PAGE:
I have read about other customers who have also been frustrated that their Ecobee3 didn't work and that Ecobee support kept insisting this was due to "air drafts". I have no interest in legal action personally, but to me this sounds like fertile grounds for a class action suit. Consumers who are also experiencing this issue will be receive higher cooling bills than they should. Adding more remote sensors would indeed help average the temperature readings and thus compensate for inaccurate readings at the wall thermostat--but this is passing along the expense of poor design to customers while generating even more revenue for Ecobee.
At this point, I am going to research alternatives because I do not believe any further troubleshooting is going to be beneficial. If I do not find a better alternative, I may end up keeping the Ecobee thermostat since now with the addition of the MRB-4, that resolves the overheating problem. However, since I will have to use the bias adjustment to alter the wall thermostat reading, the remote sensor will not be of much use. This is really disappointing for a product that is so expensive.
In summary, my recommendation is that Ecobee do the following:
1. Review the design of the thermostat. There is not enough ventilation on the wall thermostat. There are only a few tiny holes on the bottom of the thermostat, and thus the thermostat has a slow response to changes in room temperature. Additionally, this lack of ventilation on the thermostat contributes to overheating of the thermostat itself leading to inaccurate temperature readings.
2. Review the "complex temperature correction algorithms". They're not working.
3. Consider reworking the unit to incorporate mechanical relays instead of FETs. I first became aware of mechanical relay boards while researching this problem and finding so many Nest owners have experienced FET failures and consequently had to replace their AC system. Replacing FETs with relays will make the wall thermostat bigger, but it will reduce issues with overheating and will greatly reduce the risk of AC system damage due to FET failure.
4. Review support procedures and training. The tests I conducted and conclusions are fairly basic for anyone with control system experience. I will give Ecobee the benefit of the doubt that the support team is not knowledgeable, rather than suggest that they are intentionally providing incorrect and misleading information.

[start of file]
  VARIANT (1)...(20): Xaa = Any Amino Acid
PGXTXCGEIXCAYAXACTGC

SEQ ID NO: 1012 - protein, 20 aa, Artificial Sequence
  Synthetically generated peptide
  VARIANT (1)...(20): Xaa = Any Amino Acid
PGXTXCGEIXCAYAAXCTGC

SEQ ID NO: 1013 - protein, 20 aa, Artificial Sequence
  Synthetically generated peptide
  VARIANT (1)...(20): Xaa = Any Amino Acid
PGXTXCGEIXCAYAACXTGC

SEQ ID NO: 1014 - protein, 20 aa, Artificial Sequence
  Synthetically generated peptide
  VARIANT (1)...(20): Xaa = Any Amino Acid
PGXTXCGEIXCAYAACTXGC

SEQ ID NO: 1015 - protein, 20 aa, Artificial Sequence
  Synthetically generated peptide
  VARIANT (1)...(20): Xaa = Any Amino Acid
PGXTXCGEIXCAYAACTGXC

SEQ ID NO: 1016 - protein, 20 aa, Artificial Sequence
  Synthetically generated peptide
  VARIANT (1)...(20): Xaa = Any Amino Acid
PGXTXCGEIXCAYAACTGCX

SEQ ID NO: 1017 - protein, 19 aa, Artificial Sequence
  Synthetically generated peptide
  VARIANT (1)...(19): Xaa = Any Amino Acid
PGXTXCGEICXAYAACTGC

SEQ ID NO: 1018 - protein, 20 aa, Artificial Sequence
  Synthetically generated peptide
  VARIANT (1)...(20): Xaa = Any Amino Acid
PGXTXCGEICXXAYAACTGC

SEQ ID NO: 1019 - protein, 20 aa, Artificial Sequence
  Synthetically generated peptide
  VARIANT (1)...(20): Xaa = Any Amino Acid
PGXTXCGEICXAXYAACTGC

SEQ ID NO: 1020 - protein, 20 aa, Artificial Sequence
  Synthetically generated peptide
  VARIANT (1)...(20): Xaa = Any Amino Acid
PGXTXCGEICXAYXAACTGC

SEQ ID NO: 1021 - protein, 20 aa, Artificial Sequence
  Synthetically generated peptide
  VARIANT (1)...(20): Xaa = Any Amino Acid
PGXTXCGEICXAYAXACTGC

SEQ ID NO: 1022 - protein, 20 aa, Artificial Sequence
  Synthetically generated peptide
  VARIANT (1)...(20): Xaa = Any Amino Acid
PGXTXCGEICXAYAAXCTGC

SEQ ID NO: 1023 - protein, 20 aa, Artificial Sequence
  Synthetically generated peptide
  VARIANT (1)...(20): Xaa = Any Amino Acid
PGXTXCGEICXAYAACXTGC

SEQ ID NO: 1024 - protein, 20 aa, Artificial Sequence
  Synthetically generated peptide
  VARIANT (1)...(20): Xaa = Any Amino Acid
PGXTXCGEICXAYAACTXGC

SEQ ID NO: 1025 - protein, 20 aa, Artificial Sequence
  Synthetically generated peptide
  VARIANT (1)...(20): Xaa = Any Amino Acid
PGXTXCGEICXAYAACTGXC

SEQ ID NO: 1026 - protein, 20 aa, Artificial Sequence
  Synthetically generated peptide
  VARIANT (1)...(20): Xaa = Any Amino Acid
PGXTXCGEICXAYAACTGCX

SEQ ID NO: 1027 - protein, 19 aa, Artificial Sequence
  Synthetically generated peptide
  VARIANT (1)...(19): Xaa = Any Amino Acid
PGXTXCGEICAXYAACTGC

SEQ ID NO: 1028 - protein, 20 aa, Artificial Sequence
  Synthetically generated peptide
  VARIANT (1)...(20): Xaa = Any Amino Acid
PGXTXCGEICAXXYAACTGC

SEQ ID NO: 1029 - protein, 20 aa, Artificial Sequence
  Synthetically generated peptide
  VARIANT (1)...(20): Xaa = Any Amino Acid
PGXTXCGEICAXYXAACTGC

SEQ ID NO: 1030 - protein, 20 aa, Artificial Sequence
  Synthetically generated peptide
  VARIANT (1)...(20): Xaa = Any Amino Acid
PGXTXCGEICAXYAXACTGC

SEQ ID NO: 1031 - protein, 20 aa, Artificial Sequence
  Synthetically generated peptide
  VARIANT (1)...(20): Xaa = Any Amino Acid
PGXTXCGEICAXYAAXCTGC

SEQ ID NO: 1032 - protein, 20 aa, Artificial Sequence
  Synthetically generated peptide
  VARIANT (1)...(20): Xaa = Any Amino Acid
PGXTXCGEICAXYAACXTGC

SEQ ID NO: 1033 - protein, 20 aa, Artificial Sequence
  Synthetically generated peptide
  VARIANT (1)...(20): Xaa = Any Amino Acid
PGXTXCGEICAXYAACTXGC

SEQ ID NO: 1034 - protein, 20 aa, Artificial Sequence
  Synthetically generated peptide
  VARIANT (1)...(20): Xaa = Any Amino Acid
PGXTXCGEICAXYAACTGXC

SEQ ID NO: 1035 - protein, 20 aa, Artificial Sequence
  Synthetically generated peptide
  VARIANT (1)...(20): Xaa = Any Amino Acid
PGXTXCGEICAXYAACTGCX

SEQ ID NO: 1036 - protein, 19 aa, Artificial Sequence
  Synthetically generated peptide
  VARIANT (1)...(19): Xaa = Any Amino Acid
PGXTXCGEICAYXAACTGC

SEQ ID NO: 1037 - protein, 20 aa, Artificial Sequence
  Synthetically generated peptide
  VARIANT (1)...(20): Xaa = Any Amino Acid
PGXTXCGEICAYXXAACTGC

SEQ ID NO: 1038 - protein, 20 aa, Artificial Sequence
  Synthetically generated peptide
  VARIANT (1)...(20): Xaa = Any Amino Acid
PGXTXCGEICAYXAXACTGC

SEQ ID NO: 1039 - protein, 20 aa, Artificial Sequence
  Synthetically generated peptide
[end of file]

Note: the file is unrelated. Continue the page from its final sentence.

5. IF there's a way to specify temperature bias for individual sensors, please let me know. I have seen with two different Ecobee thermostats that the remote sensor reads correctly, and the wall thermostat reads too high. It appears if I configure a bias adjustment via the wall thermostat, it affects all readings, and not just the wall thermostat. More sensors simply provide more averaging to lessen the effect of the single incorrect reading on the wall thermostat, but that's not a very good solution.
5. Add geofencing capabilities to determine if users are home/away. There are not many thermostats that offer this, this but I have found that relying only on the wall mounted thermostat and remote sensor to detect home/away is not sufficient.
=================== End of Email ===================
All in all, this thermostat has potential, but there are some fundamental design flaws which cause incorrect temperature readings and cause the AC to run excessively. I've tested two Ecobee3 thermostats and they both exhibit the same characteristics, so this wasn't a fluke with a single defective unit. Although the Ecobee support team was responsive, it was frustrating having the same conversation with them repeatedly in which they insisted the incorrect temperature readings were being caused by air leaking from the wall cavity. I was able to prove this was not the case, and actually "fix" that issue by inserting a manual relay board to isolate the thermostat. That kind of troubleshooting and remediation would be beyond the technical capabilities of any consumer without a process control or engineering background. I will probably end up keeping the Ecobee thermostat with this workaround, simply because I don't see other alternatives on the market that have fewer problems.
Since sensor readings are averaged together and the remote sensors seem to be more accurate than the wall unit, more remote sensors could theoretically help adjust for the measurement error of the wall thermostat. however the remote sensors aren't cheap, and in the end this is just a workaround for a design problem of the base unit.